Wednesday, December 24, 2014

He Walked With Us

Without the cold weather, the lights, and the commercials Advent feels different in Cameroon than in the States.  Cameroonians who work with the Cameroon Baptist Convention mark the season by having a song and dance competition each morning the week before Christmas.  I thought the songs and dances on the last day were the best, which also happened to be the last morning I was in Cameroon.  I was able to capture one of the songs on video.  It is from South Africa and the words translate to "He Walked With Us".

I reflected on those words and my experiences in Cameroon during the seven hour car trip from Bamenda to Douala.  I thought about what those words, "He Walked With Us" mean to Cameroonians who walk so many places.  

 I pondered why in my list of Cameroonian contacts the names "Emmanuel" and "Emmanuella" meaning "God with us" are the most prevalent.  I recalled the conversations I had with many Cameroonians during the past two weeks; many filled with challenges such as unexpected deaths, necessary surgeries, lack of job prospects, and few educational opportunities, but also hope.   As one of friend said after our conversation about her current financial hardship, "I know God will provide.  He hasn't failed us yet." And I remembered the words I shared earlier in the morning when I said goodbye to my colleagues after hearing the song.   Now I don't recall exactly what I said but I remember thanking them for sharing their joy with me and thanking them for the work they are doing for their country.  That I know the obstacles and challenges are many many, but what they are doing is making a difference and improving the health of many people.   

Advent is different in Cameroon than in the States, but the message is the same, Jesus walked and walks with us.  In the midst of our challenges and providing hope.

May the God of hope go with us everyday, filling our lives with love and joy and peace.  May the God of justice speed us on our way, bringing light and hope to every land and race.  Praying let us work for peace; singing share our joy with all; working for a world that's new; faithful when we hear God's call.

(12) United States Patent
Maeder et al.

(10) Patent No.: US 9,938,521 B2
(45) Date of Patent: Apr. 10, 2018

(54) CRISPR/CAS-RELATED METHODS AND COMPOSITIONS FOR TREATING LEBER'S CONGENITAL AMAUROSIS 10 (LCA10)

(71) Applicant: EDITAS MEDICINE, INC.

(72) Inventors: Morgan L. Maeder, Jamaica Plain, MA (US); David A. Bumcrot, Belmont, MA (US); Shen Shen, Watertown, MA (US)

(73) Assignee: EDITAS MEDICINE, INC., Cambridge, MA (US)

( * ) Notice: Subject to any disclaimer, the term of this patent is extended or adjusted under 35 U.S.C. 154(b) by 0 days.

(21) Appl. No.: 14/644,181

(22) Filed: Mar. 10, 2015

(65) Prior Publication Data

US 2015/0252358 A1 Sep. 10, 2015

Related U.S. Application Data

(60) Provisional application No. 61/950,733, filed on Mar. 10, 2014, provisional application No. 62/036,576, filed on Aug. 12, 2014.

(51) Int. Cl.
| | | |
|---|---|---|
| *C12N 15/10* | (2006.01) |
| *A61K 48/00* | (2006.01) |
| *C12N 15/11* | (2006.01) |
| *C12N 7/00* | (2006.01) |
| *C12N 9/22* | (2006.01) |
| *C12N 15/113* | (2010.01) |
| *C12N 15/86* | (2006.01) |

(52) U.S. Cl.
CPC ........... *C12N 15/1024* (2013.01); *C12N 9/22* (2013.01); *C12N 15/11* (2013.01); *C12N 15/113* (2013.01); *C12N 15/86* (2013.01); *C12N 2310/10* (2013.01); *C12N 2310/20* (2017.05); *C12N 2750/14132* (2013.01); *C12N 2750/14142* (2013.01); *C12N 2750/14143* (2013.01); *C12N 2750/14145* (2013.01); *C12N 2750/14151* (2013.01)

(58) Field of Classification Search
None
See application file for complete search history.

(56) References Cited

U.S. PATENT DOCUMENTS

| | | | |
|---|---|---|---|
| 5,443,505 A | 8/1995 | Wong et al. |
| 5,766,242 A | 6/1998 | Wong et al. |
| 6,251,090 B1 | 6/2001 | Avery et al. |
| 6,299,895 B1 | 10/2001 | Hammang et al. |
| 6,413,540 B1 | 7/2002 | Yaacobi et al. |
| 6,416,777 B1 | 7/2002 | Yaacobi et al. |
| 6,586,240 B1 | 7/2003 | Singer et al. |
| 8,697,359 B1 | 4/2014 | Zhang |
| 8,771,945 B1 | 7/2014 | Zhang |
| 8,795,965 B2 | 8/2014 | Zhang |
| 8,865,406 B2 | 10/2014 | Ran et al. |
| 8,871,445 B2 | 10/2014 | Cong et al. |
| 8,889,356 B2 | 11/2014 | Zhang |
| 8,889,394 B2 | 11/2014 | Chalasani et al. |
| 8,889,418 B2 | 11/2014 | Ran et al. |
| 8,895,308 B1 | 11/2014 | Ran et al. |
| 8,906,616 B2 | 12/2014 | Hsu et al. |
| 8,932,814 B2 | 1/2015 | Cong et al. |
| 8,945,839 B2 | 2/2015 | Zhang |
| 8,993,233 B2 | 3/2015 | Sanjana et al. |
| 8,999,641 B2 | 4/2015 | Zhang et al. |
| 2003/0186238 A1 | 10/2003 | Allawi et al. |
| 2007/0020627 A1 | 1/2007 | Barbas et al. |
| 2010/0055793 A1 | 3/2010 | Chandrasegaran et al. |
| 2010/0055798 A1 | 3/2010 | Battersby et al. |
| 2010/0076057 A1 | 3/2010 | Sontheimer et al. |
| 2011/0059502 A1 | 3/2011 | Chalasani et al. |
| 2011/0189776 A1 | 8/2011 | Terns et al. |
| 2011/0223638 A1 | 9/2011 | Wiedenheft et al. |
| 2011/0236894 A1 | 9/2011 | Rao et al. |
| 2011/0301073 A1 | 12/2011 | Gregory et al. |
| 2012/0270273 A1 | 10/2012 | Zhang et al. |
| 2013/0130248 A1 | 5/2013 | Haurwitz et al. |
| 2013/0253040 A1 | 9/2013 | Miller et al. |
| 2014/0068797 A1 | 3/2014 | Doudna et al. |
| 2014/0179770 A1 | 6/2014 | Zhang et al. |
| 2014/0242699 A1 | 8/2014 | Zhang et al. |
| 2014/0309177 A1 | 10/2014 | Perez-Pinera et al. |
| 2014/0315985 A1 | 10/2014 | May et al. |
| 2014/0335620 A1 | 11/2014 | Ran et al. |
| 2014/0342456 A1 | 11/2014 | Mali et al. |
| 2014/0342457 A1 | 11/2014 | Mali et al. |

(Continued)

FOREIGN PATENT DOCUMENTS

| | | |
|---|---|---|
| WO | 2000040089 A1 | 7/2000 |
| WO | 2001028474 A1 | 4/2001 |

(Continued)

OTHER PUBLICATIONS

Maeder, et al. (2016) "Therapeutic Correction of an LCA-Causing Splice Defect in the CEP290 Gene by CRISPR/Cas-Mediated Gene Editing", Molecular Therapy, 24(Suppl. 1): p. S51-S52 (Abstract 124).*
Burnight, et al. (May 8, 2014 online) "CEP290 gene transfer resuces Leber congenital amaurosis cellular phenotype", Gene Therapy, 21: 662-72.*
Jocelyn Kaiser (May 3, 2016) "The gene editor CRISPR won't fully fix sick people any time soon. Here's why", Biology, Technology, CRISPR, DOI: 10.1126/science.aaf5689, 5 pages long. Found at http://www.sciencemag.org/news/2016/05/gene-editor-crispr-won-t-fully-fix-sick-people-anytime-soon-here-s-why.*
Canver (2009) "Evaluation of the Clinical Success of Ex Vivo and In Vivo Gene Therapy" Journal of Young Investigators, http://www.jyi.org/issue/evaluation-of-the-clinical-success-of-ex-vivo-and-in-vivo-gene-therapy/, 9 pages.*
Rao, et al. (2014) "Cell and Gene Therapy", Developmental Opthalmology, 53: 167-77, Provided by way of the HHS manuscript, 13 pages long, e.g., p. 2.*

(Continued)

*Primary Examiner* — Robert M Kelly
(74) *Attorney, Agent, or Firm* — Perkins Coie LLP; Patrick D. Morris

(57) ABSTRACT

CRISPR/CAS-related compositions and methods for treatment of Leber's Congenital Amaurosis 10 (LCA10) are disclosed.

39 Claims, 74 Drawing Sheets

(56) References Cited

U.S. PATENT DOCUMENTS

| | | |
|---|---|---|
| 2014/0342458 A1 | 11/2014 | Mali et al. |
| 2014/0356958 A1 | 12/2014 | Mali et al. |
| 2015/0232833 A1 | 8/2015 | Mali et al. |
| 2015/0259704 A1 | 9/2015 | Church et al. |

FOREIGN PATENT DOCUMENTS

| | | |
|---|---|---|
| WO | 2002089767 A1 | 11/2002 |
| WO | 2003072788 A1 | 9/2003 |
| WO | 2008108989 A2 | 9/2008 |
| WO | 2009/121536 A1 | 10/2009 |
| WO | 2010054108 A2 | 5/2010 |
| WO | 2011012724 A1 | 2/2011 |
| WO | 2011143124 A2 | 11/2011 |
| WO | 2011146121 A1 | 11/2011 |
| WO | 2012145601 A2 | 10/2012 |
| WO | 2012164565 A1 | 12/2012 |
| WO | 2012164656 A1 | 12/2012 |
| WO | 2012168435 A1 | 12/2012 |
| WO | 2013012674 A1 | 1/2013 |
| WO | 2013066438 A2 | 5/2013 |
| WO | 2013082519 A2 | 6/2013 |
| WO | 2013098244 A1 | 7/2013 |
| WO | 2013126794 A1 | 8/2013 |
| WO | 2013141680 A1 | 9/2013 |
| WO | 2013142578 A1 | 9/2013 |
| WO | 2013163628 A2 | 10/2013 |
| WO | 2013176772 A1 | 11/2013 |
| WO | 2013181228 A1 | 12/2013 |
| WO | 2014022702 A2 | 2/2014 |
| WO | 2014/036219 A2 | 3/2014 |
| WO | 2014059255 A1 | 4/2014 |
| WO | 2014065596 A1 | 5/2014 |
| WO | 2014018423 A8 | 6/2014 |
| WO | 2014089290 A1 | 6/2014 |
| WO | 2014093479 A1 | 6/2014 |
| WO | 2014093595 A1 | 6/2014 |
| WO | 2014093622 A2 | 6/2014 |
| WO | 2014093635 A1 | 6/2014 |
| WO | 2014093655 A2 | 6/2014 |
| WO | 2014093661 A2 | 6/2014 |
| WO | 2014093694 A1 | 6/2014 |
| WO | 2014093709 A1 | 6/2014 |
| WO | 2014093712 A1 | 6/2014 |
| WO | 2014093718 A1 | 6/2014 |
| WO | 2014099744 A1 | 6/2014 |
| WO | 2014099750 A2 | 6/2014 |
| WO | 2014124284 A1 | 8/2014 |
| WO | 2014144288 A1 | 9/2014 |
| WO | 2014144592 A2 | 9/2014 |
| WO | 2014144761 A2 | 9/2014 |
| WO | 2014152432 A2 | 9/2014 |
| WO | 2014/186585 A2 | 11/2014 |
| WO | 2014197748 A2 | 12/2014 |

Argentine folk melody 

Sunday, December 14, 2014

Heart Training

Sometimes Cameroon can feel like a black hole.  So many problems that could be fixed but are not.  So many needs that repeatedly are not met.  A few weeks before my departure from the States to Cameroon the emails and messages started coming:

“Sister, please we are building a house and need money for the roof.”
“Kate, my child is very sick and the doctor says she needs a surgery.”
“I have started a training program and still need to pay 150,000 CFA otherwise I will be thrown out.”

And then I arrive in Cameroon and quickly reminded of the struggles of daily living.  The water stops flowing exactly at the moment I return from a morning run, hot and sweating, in need of a shower.  The Internet stops functioning on the day that I am trying to post my student’s grades.  The electricity goes out the night before I am to give a presentation on Ebola and Infant Feeding and forced to work by candlelight. 
Working by Candlelight
In the midst of these struggles and needs it occurs to me that I do not have to do this anymore.  I no longer work in Cameroon to fulfill academic requirements.   My university does not require me to do international research.  I am here this time as part of a grant to evaluate the Nutrition Improvement Program.  After the grant is finished, my obligations to work in Cameroon are finished.  I can move on and focus on my life and career that I am building in the US.  

I spent the last couple of days in Kumbo for a Nutrition Improvement Program (NIP) Coordination Meeting.  I have been working with the NIP program for a year and half and it was gratifying to hear positive reports from the Nutrition Counselors and Administrative staff.  The program has quickly moved beyond providing basic nutrition education to medical nutrition therapy.  It was a reminder that although much has been done, much more training and program expansion is needed.  Most of the nutrition counselors have little more than the equivalent of an Associates Degree in Nutrition and have little access to further education.  At the end of the first day one of the Nutrition Counselors came to me, excited to show me that she recently found a "new" Nutrition textbook  in Douala that was dated 2003.  

Nutrition Counselors
 While I was there a colleague from the Cameroon Baptist Convention Primary Health Care Program died from sickle cell anemia. He was less than 25 years old and the fourth out of five children to die.  I also reunited with some of my mothers that took care of me while I lived there from 2011-2012.  Both of them are widows who are responsible for taking care of their children, grandchildren, and work long hours as either as a farmer or cleaner.  

For my friend Doris, I brought her a scarf for a Christmas present and she was so incredibly proud and happy that she knocked on my door early the next morning to have me "snap her".